Buffalo Public School finds flaw in 100 teacher evaluations

Buffalo Public School finds flaw in 100 teacher evaluations
Posted at 6:33 PM, Dec 16, 2014
and last updated 2015-12-11 18:33:54-05

The Buffalo Public School District is now doing an internal audit of its teacher evaluation process.

Recently, the district found that its evaluations did not match up with the state standards. Buffalo found more than 100 teachers and administrates had incorrect evaluation statistics for the 2013-2014 school year.

"We got it wrong," said Buffalo Public School Interim Superintendent Donald Ogilvie.

Those more than 100 teachers and administrators received "effective" or "highly effective" scores, when really, they should have received, "ineffective" or "developing" scores.

"I don't think we're the only district that found that a challenge but we did not get it right," Ogilvie told 7 Eyewitness News. "We're in the process now of identifying what we'll do in the future to make sure our teachers have confidence in the evaluation system."

The evaluation process is made up of student scores on local tests, state tests and classroom observations. Ogilvie says while the district is still reviewing what went wrong, scores may have been incorrectly matched with teachers and school buildings.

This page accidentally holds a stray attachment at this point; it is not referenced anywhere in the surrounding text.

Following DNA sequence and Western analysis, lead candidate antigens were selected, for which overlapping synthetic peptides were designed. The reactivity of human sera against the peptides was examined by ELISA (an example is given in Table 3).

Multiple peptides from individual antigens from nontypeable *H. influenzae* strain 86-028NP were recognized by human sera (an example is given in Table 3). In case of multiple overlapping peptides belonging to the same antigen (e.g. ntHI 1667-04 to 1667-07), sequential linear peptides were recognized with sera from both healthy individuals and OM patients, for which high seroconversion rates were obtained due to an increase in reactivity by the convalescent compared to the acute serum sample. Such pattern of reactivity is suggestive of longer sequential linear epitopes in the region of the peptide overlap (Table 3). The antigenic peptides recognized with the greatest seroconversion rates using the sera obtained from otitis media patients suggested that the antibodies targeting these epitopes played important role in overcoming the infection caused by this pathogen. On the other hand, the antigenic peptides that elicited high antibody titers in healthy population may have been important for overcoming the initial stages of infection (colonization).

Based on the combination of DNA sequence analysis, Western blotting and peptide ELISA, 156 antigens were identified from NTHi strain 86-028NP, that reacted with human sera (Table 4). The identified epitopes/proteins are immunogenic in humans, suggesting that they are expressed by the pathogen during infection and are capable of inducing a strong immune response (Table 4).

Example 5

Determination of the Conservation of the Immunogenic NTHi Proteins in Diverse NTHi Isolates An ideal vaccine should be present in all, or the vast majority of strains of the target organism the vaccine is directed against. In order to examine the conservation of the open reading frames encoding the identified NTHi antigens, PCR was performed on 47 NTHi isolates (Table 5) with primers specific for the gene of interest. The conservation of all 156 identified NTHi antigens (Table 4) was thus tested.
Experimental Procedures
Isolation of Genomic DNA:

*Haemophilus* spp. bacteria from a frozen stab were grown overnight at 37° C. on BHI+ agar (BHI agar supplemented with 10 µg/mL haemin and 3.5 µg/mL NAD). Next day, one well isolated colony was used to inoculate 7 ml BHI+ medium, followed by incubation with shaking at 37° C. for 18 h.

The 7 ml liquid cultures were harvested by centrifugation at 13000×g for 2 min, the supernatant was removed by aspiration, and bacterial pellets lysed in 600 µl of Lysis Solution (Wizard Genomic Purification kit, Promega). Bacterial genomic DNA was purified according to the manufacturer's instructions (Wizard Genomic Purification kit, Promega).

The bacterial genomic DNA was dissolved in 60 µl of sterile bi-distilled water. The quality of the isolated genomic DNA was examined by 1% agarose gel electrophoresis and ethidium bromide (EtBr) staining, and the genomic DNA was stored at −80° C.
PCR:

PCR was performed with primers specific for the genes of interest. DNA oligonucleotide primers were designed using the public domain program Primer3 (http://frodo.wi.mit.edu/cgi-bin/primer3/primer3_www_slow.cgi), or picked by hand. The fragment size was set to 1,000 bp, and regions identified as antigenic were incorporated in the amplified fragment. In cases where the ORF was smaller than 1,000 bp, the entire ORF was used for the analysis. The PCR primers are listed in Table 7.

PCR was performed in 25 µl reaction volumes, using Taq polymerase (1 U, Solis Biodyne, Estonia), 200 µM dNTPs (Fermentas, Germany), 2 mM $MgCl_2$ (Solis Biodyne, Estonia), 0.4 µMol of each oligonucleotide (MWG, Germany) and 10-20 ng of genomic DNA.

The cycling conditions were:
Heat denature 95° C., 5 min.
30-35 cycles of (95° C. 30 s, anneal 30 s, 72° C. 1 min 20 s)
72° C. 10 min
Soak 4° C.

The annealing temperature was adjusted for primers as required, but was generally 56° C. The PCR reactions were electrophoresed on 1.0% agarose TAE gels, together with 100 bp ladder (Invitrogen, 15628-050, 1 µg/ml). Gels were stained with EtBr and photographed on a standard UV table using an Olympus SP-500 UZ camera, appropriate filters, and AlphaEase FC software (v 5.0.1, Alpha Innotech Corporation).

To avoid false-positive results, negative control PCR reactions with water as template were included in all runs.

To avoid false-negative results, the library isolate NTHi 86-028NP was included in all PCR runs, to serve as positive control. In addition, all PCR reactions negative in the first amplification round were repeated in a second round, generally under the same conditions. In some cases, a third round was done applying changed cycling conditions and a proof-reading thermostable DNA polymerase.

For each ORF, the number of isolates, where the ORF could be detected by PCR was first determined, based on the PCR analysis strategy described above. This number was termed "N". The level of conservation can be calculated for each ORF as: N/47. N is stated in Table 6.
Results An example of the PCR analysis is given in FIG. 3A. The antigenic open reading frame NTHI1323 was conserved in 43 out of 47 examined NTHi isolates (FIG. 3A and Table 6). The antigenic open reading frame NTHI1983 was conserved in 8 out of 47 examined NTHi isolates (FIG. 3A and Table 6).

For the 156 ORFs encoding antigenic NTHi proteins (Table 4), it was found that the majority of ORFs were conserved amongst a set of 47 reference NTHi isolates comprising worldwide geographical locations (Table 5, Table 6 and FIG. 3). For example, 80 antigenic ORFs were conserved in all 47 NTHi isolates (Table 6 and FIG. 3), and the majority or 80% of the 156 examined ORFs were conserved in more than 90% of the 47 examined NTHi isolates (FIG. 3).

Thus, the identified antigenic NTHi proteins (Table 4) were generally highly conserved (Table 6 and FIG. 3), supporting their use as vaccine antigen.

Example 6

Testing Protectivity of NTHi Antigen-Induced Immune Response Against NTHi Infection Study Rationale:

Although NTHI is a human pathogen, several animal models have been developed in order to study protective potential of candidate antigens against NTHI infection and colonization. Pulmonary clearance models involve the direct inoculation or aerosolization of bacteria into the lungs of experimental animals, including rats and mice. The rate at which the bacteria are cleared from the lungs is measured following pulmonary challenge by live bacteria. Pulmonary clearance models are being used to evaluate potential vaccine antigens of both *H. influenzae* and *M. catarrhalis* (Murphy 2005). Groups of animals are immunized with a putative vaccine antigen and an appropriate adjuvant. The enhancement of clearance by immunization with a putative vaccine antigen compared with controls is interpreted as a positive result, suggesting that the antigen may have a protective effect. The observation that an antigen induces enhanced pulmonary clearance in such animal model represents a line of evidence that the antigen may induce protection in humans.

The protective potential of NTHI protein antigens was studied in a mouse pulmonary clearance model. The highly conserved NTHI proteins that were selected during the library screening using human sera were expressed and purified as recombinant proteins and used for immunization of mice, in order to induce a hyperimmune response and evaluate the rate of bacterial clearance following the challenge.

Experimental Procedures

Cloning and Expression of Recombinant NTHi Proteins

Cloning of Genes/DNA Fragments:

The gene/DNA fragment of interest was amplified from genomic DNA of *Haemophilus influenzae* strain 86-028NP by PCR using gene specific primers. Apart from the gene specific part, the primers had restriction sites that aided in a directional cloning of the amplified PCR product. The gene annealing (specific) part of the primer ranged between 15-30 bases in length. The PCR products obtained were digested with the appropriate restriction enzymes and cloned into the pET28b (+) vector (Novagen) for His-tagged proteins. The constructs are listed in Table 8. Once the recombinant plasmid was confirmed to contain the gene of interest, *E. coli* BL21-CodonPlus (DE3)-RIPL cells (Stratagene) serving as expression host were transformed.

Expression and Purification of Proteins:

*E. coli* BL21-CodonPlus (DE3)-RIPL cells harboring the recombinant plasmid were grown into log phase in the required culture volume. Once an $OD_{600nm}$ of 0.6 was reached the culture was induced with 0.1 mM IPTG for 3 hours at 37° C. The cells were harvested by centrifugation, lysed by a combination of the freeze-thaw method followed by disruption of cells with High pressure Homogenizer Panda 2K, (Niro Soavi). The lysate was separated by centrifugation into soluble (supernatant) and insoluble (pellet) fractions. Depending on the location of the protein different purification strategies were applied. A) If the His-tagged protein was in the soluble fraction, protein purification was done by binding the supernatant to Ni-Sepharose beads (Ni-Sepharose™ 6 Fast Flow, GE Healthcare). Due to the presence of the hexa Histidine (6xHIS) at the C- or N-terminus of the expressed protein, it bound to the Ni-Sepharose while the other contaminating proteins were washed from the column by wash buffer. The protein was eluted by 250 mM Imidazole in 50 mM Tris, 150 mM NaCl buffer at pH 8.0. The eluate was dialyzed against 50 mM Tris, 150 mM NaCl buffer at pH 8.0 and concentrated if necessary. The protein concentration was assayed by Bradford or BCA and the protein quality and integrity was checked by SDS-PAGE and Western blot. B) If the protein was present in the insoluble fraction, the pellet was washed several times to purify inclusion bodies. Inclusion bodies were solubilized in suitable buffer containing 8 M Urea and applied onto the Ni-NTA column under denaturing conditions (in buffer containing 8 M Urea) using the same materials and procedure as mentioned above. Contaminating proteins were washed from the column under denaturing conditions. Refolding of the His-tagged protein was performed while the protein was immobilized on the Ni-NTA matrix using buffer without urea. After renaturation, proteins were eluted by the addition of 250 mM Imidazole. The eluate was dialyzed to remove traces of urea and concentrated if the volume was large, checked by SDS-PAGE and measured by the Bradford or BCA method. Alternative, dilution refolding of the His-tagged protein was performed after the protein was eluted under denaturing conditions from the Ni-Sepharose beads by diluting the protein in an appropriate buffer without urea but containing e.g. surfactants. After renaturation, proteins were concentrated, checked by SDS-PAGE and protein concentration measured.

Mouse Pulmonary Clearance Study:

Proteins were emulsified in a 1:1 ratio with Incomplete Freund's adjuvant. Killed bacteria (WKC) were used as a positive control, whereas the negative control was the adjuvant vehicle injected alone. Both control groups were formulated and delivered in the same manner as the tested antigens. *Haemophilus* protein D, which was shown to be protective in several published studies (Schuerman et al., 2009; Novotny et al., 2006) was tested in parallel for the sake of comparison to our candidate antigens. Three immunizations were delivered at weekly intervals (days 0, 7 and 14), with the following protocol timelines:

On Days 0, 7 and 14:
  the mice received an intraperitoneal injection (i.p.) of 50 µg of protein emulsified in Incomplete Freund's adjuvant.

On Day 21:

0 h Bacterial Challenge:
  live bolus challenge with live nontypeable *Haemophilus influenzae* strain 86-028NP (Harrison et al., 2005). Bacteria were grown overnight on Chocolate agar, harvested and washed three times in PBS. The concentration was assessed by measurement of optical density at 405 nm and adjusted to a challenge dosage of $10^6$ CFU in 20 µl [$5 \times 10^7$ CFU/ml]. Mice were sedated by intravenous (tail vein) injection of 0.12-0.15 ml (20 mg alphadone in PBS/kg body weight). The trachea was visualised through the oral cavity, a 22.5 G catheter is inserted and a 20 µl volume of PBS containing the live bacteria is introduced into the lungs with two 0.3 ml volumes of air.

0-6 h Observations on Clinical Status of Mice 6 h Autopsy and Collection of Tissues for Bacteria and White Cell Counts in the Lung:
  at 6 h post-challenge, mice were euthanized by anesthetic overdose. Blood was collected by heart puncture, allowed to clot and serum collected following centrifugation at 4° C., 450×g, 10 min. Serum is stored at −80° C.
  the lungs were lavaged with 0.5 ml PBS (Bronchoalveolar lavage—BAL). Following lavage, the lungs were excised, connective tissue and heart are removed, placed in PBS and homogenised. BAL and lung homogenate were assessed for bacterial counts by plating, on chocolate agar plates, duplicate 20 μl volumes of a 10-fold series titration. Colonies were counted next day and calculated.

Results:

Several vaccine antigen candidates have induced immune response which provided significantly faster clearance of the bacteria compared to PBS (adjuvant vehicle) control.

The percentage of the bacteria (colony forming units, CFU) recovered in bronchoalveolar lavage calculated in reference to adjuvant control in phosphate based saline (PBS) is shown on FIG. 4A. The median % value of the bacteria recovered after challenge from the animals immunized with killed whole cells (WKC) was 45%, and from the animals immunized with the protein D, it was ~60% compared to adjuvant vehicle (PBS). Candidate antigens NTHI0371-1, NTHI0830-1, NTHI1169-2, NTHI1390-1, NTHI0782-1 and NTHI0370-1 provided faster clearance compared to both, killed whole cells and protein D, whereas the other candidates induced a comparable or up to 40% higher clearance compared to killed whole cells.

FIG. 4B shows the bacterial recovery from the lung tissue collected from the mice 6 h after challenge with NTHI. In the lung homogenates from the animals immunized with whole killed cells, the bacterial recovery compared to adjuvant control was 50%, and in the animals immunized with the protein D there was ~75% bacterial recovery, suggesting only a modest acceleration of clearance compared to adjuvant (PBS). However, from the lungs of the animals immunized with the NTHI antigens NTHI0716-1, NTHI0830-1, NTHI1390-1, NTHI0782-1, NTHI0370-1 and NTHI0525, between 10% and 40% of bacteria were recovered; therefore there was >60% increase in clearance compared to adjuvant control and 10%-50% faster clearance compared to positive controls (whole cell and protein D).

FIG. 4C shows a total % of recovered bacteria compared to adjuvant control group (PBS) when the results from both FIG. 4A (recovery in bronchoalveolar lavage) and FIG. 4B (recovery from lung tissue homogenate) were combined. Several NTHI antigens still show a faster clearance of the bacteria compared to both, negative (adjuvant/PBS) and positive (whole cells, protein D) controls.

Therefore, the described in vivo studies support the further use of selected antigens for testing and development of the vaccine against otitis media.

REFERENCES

Ogilvie also points to a lack of training for those "behind the scenes" doing the evaluations. But published reports say the district spend over $200,000 on professional development for evaluations along.

Parents in the district, like Bryon McIntyre say things like this should never have happened.

"Over $200,000?  Do you realize that could have put in additional supportive staff in the classrooms?" McIntyre said.

Teachers, who found out their scores from last year are inaccurate are furious, according to the Buffalo Teachers Federation President Phil Rumore.

Rumore says the state may require teachers to come up with an improvement plan, but, according to Rumore, it's against the law to start mid-year.

"How would you feel if you were told that you didn't have to do one and then all of a sudden they say the state says you have to do one?" Rumore said. "Here it is almost January, and teachers haven't chance to work it out with the principal."